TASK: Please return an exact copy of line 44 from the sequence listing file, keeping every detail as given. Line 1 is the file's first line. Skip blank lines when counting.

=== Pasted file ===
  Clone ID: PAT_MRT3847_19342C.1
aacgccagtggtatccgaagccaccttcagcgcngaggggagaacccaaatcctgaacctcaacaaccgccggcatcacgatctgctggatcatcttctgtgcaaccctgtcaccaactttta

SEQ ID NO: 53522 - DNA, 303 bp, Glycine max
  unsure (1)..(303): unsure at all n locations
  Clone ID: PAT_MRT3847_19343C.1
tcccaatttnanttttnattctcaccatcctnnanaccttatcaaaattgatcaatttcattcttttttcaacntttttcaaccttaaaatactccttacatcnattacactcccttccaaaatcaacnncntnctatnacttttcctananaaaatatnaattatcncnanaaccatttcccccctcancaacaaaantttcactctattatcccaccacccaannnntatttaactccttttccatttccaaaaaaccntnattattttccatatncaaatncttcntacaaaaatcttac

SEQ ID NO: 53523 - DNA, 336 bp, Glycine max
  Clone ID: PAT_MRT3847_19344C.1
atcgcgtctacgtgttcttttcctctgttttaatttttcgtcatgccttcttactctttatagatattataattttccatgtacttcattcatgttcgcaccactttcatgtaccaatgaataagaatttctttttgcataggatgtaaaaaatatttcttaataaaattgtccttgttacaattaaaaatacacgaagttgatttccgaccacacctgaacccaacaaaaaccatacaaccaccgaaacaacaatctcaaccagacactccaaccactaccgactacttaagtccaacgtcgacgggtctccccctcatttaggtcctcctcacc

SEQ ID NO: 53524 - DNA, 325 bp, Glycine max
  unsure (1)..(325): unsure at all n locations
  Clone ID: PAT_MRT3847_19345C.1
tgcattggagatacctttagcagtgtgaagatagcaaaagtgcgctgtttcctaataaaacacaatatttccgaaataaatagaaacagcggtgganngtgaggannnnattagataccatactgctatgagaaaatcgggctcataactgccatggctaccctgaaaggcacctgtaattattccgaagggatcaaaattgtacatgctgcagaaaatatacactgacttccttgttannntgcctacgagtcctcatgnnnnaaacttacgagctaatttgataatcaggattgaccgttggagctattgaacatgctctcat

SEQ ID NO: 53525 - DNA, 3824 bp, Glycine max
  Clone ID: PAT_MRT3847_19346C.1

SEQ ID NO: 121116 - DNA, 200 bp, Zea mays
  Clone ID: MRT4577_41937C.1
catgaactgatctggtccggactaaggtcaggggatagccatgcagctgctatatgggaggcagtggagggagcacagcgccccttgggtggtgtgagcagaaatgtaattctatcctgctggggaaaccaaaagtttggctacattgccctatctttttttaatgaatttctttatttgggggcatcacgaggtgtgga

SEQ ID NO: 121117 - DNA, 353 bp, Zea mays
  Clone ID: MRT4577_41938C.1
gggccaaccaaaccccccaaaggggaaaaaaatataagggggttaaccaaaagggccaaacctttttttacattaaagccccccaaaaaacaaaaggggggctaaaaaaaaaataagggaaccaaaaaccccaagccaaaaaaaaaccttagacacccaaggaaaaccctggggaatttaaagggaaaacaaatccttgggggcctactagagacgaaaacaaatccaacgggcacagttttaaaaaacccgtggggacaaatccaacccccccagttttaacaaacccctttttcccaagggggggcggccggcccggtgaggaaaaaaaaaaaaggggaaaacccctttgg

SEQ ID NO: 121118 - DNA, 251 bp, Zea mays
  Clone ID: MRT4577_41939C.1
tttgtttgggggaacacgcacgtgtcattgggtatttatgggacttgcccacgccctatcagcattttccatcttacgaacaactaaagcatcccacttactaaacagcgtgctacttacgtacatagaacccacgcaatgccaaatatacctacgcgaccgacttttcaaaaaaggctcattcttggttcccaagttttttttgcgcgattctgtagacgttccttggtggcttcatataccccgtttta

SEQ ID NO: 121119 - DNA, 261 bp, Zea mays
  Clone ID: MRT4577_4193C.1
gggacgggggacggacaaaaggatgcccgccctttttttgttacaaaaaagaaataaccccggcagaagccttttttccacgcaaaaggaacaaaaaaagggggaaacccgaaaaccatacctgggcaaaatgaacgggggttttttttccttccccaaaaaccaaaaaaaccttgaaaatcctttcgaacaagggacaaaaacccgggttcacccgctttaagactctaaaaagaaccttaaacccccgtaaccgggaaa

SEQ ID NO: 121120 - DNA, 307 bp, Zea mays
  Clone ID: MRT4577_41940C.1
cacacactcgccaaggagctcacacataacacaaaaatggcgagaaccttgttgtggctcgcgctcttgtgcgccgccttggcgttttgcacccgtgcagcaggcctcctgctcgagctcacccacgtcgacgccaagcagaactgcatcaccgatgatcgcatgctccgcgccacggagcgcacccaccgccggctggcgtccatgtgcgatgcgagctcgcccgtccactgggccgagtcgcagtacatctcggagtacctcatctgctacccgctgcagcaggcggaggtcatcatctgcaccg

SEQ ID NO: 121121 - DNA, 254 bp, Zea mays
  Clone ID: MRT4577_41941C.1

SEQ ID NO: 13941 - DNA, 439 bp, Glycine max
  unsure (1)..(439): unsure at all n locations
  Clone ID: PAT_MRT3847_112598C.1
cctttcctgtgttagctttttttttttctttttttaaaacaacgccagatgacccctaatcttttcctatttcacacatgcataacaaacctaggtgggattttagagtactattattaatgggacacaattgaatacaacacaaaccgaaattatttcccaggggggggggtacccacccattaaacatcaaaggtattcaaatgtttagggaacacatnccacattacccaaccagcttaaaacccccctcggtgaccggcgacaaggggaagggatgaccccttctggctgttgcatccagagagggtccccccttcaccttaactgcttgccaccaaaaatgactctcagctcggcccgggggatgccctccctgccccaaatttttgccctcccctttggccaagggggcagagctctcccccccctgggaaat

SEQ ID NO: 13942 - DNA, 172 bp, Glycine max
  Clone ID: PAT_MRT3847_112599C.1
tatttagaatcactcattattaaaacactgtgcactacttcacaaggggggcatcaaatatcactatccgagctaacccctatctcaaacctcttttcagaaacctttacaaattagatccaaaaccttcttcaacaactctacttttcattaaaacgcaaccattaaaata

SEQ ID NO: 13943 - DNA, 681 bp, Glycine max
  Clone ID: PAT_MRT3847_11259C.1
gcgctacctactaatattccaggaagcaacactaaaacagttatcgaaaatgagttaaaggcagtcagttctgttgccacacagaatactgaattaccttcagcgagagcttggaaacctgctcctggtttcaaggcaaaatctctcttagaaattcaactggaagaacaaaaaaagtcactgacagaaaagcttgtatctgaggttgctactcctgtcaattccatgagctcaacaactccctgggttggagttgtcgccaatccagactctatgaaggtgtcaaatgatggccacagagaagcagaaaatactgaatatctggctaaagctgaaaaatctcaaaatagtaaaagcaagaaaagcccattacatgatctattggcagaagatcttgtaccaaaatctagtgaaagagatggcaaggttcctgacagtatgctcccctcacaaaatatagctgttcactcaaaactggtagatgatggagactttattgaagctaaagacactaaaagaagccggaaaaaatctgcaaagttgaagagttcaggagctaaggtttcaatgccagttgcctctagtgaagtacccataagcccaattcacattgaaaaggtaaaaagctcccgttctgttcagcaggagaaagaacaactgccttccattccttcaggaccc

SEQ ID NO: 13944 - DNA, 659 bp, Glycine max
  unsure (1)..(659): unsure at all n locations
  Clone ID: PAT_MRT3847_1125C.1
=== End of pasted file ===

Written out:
  unsure (1)..(659): unsure at all n locations